Histcon.se Time, Memory and Representation Tid, Minne, Representation

A Multidisciplinary Program on Transformations in Historical Consciousness

Ett mångdisciplinärt forskningsprogram om historiemedvetandets förvandlingar

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Research seminar: Collective remembrance and forgetting in Julie Otsuka’s novels

Published on 27 October, 2014

With Lena Ahlin, assistant professor of English, 5 November at Södertörn University.

Where: Södertörn university, room PC249.

When: 5 November 15.00-17.00.

Julie Otsuka’s novel When the Emperor Was Divine (2002), which has reached a large international audience and is widely taught in American universities and colleges, is about a Japanese-American family sent to an internment camp during World War II. Her second novel, The Buddha in the Attic (2011) also addresses the internment, albeit more briefly. In my presentation, I argue that Julie Otsuka’s novels impact the collective remembrance of the internment, as they bring together Otsuka’s own family past and the national past. In her texts, collective remembrance is the outcome of a negotiation between different groups with the purpose of “maintaining social cohesion and identity” (Whitehead 2009: 152), in which relations of power play a significant part.  Focus is placed on the interaction between remembrance and forgetting, which figures alternately as “a necessary and adaptive reaction to the alternative of painful or destructive memory [and as] the tacit ally of oppression and silence” (Conway and Singer 2008:279). Otsuka’s texts embody this tension, which is analyzed with emphasis on the racialization of the Japanese Americans.  The paper argues that forgetting the incarceration has been vital to the American self-image, which is based on the notion of equal rights for all citizens. The paper also queries the possibility of resistance to the internment in relation to the category of race. Finally, Otsuka’s texts are considered in relation to post-9/11 literature.
Lena Ahlin is Assistant Professor of English at Kristianstad University, where she teaches literature and writing. Her book The ‘New Negro’ in the Old World: Culture and Performance in James Weldon Johnson, Jessie Fauset, and Nella Larsen (2006) deals with representations of Europe in African- American literature. Her literary research concerns the Harlem Renaissance as well as representations of the Japanese-American incarceration during World War II.

Seminar description:

Julie Otsuka’s novel When the Emperor Was Divine (2002), which has reached a large international audience and is widely taught in American universities and colleges, is about a Japanese-American family sent to an internment camp during World War II. Her second novel, The Buddha in the Attic (2011) also addresses the internment, albeit more briefly.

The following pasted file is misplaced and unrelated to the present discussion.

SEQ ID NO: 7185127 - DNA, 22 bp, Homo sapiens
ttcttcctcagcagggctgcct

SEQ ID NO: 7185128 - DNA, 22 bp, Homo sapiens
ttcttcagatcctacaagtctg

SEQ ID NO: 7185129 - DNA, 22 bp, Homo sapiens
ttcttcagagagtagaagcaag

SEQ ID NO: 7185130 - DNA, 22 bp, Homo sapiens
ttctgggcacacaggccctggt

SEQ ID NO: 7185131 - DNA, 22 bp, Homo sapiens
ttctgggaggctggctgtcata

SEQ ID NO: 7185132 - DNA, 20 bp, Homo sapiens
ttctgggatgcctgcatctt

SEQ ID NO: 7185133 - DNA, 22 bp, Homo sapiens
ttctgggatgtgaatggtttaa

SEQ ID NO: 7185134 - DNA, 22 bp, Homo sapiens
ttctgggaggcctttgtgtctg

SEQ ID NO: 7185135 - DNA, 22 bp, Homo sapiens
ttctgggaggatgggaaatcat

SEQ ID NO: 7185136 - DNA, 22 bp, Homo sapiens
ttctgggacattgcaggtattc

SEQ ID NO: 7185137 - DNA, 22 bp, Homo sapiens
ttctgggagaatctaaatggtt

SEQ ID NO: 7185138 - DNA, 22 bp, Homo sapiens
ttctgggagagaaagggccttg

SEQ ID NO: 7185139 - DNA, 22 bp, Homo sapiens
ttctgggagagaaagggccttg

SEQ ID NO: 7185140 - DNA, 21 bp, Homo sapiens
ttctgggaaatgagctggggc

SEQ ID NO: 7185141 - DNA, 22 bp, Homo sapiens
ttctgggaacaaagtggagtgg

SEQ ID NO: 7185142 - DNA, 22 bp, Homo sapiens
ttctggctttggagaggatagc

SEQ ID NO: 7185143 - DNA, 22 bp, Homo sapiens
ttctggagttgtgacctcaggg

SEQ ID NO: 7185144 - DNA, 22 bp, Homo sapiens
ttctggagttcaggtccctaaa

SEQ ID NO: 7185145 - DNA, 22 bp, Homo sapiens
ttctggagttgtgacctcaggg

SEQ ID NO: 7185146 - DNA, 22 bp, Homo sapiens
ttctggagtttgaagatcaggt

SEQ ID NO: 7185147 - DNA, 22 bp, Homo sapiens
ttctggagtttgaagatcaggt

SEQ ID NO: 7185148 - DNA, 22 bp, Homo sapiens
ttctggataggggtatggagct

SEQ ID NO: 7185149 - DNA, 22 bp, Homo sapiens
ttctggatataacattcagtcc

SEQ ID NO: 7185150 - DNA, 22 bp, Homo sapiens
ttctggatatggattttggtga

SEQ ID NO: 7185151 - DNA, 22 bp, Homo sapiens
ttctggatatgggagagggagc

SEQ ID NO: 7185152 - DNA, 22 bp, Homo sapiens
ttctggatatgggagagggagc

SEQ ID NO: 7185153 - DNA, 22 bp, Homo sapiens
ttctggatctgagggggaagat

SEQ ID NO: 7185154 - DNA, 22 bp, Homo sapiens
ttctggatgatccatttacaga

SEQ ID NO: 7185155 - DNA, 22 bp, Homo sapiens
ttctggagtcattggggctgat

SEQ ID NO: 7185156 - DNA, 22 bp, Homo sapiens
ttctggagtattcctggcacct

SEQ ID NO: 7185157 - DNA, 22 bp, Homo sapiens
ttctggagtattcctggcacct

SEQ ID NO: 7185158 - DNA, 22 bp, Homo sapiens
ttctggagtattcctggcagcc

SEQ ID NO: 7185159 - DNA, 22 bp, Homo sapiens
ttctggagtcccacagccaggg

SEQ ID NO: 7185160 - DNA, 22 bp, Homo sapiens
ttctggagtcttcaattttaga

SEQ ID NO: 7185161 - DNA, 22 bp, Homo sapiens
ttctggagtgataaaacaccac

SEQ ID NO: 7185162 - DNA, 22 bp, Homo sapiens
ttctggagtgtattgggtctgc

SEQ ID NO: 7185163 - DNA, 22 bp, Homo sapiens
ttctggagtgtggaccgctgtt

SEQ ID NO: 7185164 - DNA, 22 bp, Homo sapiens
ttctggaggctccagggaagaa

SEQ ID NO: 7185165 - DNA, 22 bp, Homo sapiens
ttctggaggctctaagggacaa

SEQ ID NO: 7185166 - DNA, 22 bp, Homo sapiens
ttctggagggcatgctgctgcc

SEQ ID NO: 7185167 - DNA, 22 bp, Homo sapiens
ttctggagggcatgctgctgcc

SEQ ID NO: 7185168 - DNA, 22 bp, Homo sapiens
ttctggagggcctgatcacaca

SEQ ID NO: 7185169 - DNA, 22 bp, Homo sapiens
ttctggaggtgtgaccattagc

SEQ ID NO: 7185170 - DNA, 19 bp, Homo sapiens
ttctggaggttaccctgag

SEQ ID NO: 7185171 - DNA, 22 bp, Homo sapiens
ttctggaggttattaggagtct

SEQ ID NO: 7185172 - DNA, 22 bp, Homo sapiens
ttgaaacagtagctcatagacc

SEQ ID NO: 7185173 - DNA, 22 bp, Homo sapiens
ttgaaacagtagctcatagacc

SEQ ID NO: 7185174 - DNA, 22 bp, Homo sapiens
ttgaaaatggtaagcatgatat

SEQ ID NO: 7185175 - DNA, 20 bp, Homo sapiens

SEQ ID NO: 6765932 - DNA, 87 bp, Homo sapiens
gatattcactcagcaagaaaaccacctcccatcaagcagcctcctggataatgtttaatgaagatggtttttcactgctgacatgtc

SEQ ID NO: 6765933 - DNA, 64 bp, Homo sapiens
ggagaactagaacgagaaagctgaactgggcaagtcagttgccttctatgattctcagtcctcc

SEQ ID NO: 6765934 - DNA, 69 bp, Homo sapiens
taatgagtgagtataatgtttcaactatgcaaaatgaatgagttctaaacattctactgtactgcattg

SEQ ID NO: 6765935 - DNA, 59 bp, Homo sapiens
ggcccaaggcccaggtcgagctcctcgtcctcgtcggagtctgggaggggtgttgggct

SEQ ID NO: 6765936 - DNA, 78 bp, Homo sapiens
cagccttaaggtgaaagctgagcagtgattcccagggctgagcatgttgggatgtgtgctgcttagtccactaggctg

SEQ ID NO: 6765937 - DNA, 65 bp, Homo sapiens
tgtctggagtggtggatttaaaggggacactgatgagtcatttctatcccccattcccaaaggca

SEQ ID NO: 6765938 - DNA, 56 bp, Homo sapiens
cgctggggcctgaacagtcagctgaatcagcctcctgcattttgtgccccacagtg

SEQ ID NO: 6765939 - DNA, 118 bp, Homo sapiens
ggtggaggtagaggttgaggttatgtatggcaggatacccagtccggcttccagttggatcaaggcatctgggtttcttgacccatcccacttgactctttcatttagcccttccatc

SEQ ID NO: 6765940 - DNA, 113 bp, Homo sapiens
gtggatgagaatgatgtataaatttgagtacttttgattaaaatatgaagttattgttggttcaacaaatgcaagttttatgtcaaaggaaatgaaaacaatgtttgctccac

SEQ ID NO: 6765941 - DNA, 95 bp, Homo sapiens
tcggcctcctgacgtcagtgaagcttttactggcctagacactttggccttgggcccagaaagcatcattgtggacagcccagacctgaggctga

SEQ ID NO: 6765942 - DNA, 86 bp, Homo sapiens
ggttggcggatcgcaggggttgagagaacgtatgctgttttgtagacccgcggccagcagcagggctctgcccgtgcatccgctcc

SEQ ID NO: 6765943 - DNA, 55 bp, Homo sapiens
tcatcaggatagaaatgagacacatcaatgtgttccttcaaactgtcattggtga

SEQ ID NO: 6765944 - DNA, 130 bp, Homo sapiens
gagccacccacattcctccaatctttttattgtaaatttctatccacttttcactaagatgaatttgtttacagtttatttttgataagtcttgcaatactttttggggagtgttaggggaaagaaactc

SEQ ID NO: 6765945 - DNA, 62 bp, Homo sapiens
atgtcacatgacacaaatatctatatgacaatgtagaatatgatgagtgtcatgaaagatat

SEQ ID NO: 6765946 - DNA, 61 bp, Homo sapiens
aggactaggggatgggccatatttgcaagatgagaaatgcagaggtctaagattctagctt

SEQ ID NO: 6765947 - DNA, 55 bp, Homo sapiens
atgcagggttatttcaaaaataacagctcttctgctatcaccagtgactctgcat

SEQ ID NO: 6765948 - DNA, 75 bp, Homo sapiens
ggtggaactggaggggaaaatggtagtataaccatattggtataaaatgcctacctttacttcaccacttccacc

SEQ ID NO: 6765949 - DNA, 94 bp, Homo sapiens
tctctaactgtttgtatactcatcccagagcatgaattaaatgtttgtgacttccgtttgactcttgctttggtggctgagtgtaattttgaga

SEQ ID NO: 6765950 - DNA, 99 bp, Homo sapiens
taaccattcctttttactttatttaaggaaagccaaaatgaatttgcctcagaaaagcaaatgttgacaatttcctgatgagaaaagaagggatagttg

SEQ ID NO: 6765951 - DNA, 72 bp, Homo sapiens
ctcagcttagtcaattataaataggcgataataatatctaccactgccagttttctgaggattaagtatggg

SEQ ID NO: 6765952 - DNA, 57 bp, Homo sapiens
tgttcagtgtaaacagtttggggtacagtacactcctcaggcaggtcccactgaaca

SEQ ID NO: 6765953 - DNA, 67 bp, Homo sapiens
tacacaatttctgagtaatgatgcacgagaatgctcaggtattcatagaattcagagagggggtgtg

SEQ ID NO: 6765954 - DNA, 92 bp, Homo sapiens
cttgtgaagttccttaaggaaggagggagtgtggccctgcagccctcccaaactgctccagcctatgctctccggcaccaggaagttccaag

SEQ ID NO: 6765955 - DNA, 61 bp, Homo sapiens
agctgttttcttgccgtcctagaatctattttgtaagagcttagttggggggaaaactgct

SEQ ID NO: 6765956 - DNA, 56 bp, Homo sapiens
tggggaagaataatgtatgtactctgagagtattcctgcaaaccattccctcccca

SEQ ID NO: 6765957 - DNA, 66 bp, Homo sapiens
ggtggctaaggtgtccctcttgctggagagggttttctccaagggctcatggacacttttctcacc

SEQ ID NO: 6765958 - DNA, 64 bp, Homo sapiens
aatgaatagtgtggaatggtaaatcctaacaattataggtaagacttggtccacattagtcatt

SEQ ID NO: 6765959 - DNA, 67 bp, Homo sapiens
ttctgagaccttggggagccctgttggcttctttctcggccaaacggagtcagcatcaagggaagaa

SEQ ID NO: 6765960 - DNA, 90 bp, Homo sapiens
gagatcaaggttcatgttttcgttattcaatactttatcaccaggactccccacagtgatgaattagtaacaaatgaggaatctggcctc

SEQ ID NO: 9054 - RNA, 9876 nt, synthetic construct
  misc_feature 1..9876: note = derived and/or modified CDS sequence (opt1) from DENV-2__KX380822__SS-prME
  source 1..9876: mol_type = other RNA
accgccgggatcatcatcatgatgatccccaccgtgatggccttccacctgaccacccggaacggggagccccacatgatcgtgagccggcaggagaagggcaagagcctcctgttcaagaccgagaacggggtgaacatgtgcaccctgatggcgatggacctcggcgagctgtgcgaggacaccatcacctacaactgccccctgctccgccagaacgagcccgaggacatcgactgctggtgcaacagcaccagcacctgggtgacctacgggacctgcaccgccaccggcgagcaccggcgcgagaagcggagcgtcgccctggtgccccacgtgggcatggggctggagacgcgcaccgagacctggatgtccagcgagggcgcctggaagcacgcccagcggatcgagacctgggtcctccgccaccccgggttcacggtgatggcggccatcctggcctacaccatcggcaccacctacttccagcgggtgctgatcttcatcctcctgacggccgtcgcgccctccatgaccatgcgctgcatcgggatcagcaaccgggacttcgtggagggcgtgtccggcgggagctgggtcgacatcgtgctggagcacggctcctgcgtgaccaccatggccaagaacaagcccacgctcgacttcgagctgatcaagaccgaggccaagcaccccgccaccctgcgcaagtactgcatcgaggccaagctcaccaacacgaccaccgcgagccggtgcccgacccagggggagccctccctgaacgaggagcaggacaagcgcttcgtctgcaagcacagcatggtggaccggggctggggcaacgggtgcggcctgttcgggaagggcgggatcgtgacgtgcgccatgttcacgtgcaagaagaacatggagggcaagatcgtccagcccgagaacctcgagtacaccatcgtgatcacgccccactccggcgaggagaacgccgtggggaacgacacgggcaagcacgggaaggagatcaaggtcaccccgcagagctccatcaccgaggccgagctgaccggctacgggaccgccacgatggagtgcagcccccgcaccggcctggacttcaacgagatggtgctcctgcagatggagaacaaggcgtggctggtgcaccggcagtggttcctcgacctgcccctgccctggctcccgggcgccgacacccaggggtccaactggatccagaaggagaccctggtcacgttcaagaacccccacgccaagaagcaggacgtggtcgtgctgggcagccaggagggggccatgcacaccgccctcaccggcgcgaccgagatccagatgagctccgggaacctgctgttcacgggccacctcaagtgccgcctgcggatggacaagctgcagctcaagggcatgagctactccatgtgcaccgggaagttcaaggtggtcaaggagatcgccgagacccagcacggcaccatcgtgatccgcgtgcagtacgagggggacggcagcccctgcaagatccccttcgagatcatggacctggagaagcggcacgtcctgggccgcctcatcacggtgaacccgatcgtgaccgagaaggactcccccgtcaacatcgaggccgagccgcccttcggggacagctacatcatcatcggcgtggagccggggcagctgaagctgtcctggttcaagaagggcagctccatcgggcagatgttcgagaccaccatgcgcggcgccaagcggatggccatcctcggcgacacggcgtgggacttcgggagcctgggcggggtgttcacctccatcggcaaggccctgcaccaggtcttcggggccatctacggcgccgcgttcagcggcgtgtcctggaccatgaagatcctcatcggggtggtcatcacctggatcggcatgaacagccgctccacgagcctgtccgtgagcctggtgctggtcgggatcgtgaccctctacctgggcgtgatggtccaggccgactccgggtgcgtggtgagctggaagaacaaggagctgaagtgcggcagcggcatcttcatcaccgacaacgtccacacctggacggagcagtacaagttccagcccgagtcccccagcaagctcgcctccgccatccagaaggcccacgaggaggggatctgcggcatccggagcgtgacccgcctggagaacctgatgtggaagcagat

In my presentation, I argue that Julie Otsuka’s novels impact the collective remembrance of the internment, as they bring together Otsuka’s own family past and the national past. In her texts, collective remembrance is the outcome of a negotiation between different groups with the purpose of “maintaining social cohesion and identity” (Whitehead 2009: 152), in which relations of power play a significant part.

Focus is placed on the interaction between remembrance and forgetting, which figures alternately as “a necessary and adaptive reaction to the alternative of painful or destructive memory [and as] the tacit ally of oppression and silence” (Conway and Singer 2008:279). Otsuka’s texts embody this tension, which is analyzed with emphasis on the racialization of the Japanese Americans.

The paper argues that forgetting the incarceration has been vital to the American self-image, which is based on the notion of equal rights for all citizens. The paper also queries the possibility of resistance to the internment in relation to the category of race. Finally, Otsuka’s texts are considered in relation to post-9/11 literature.

Lena Ahlin is Assistant Professor of English at Kristianstad University, where she teaches literature and writing. Her book The ‘New Negro’ in the Old World: Culture and Performance in James Weldon Johnson, Jessie Fauset, and Nella Larsen (2006) deals with representations of Europe in African- American literature. Her literary research concerns the Harlem Renaissance as well as representations of the Japanese-American incarceration during World War II.

Contact: Liz Kella, Senior Lecturer in English at Södertörn University, liz.kella@sh.se.

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